[141]

Receptor Monoclonal Antibody

YW327.6S2

AXL

Preclinical

Anti-AXL monoclonal antibody.

[134]

Nucleotide Aptamer

GL21.T

AXL

Preclinical

Binds to the extracellular domain of AXL to inhibit its catalytic activity in lung cancer.

[135, 136]

Other novel methods of inhibiting AXL receptor specifically include an anti AXL monoclonal antibody, YW327.6S2 which has shown highly specific activity in preclinical models[134]. Another quite novel approach is the development of the Nucleotide aptamer, GLT21.T which binds to the extracellular domain of AXL and inhibits its activity in cellular models of lung cancer [135, 136].

Another somewhat different route of targeting AXL overexpression/activity might be through the inhibition of key proteins involved in the regulation of protein trafficking called chaperones, such as heat shock proteins (HSP’s) involved in protein processing. Recently AXL in fact was shown to be a client protein of the hsp90 chaperone. In an AXL-dependent thyroid cancer model system, treatment with the hsp90 inhibitor, 17-AAG led to a substantial reduction in AXL expression accompanied by downregulation of AXL activation and downstream signaling activity. Elegant studies demonstrated that this activity is dependent on modulation of the trafficking of the fully glycosylated, mature 140 kDA form of AXL and this phenomenon appears independent of AXL phosphorylation. Downregulation in the presence of hsp90 inhibition is mediated by proteasomal degradation as a result of polyubiquitination through binding of the hsp70/CHIP E3 ligase. These data strongly suggest that AXL overexpression and activity could be successfully targeted in AXL-addicted tumors or in AXL-mediated drug –resistant cancers via hsp90 inhibition [137].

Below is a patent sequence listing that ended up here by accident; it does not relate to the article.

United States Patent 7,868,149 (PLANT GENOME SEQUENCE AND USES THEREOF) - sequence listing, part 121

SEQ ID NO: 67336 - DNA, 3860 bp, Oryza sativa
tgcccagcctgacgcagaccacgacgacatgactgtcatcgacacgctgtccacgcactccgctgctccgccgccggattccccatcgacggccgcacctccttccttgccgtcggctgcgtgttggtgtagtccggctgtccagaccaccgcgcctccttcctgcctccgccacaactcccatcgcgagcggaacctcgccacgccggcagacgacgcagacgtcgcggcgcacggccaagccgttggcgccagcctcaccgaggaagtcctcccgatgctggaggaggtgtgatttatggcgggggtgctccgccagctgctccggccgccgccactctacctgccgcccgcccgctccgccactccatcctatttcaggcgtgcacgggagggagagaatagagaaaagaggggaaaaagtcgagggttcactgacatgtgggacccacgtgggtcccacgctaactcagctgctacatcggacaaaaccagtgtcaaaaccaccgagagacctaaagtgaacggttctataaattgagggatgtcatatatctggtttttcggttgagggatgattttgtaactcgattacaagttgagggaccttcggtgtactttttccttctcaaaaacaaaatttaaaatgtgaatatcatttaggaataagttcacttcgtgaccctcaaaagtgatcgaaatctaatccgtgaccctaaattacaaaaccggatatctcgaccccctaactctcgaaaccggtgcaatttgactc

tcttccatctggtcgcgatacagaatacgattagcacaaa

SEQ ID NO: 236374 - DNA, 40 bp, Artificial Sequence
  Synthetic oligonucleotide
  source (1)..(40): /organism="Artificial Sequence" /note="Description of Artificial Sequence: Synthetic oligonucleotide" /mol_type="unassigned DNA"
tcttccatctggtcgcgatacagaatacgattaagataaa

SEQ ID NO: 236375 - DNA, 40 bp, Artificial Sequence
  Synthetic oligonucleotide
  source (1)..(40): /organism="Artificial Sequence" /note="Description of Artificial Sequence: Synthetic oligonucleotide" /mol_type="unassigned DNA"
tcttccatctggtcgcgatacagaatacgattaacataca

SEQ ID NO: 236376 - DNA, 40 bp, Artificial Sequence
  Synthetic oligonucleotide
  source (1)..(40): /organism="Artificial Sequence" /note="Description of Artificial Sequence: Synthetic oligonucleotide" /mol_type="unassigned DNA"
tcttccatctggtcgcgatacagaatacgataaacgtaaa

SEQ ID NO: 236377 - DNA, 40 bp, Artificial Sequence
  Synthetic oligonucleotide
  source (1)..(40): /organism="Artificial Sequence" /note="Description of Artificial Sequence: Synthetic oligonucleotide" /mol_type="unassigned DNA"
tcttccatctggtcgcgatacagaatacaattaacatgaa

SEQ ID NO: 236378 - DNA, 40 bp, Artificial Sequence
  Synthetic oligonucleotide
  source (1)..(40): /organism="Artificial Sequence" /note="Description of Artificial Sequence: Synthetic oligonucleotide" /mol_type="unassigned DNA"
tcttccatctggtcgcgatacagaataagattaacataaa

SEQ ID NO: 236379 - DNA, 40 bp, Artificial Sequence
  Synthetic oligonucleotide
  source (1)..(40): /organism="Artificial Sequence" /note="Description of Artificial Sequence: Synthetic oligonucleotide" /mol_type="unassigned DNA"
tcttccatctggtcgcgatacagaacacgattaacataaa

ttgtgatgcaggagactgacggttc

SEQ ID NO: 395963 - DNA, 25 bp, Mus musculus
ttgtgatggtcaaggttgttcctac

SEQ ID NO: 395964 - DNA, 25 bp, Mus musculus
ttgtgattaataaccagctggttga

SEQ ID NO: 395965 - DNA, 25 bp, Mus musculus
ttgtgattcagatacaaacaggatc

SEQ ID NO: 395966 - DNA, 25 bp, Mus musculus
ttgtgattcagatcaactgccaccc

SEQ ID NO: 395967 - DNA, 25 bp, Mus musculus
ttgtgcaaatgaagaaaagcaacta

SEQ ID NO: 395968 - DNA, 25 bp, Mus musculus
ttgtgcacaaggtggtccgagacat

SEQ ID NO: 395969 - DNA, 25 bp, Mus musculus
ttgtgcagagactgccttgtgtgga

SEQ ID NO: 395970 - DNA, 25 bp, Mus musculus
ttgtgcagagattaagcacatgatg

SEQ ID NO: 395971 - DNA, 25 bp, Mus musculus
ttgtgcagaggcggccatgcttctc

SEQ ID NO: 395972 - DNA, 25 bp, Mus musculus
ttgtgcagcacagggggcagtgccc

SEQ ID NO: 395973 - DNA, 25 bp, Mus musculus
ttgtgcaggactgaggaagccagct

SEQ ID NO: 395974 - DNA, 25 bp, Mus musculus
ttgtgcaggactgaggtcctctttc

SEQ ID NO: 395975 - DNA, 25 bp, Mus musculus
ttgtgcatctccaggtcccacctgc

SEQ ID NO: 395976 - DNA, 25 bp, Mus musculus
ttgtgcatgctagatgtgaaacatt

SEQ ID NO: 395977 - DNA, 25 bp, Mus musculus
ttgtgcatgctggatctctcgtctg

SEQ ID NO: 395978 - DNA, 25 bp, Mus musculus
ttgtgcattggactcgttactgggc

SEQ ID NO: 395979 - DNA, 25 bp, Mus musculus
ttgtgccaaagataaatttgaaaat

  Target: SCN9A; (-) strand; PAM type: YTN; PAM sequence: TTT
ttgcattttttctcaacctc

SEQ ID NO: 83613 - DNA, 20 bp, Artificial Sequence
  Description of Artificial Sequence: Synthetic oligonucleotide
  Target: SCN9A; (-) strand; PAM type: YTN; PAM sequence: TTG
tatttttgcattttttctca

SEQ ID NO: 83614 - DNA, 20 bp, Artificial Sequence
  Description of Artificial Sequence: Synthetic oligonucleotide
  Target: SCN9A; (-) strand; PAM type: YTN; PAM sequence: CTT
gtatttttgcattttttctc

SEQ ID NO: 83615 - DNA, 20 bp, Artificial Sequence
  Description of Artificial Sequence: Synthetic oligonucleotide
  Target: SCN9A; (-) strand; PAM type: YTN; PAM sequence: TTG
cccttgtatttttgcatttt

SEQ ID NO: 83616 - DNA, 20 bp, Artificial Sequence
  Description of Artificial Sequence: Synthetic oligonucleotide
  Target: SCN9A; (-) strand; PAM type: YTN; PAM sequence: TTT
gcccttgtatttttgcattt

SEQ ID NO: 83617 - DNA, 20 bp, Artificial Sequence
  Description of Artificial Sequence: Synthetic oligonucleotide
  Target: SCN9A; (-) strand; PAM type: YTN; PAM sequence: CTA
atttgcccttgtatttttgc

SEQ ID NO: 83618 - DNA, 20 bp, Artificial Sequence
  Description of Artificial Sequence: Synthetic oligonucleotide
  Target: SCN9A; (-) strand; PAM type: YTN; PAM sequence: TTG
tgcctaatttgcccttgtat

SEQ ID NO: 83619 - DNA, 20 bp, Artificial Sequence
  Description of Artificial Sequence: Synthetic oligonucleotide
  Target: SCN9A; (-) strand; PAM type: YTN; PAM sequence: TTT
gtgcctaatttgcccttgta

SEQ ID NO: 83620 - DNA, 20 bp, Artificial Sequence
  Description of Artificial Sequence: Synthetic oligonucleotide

Biomarker development for AXL-targeting agents

One key issue for the development of AXL-targeted therapies for human use is the selection of appropriate biomarkers for patient enrichment. As no genetic changes have been reported so far correlating with AXL overexpression, IHC appears to be the method of choice and has been utilized in a number of in vitro and animal studies successfully. Another potentially appealing biomarker for clinical studies might be imaging AXL expression in vivo using labeled probes. One study showed successful labeling with the use of an anti-human monoclonal AXL antibody radiolabelled with I125 via SPECT/CT imaging in mice xenografted with AXL-high and AXL-low pancreatic and prostate cancer cell lines and uptake appeared to correlate closely with IHC findings. As AXL expression can be variable within tumors and as acquired drug resistance studies suggest that it can change temporally, a biomarker that can image AXL expression spatially as well as over time would be highly desirable and with positron-emitting isotopes, such as 89ZR might be amenable to immuno-PET imaging which could be readily incorporated into AXL-targeting clinical studies [138].

Future perspectives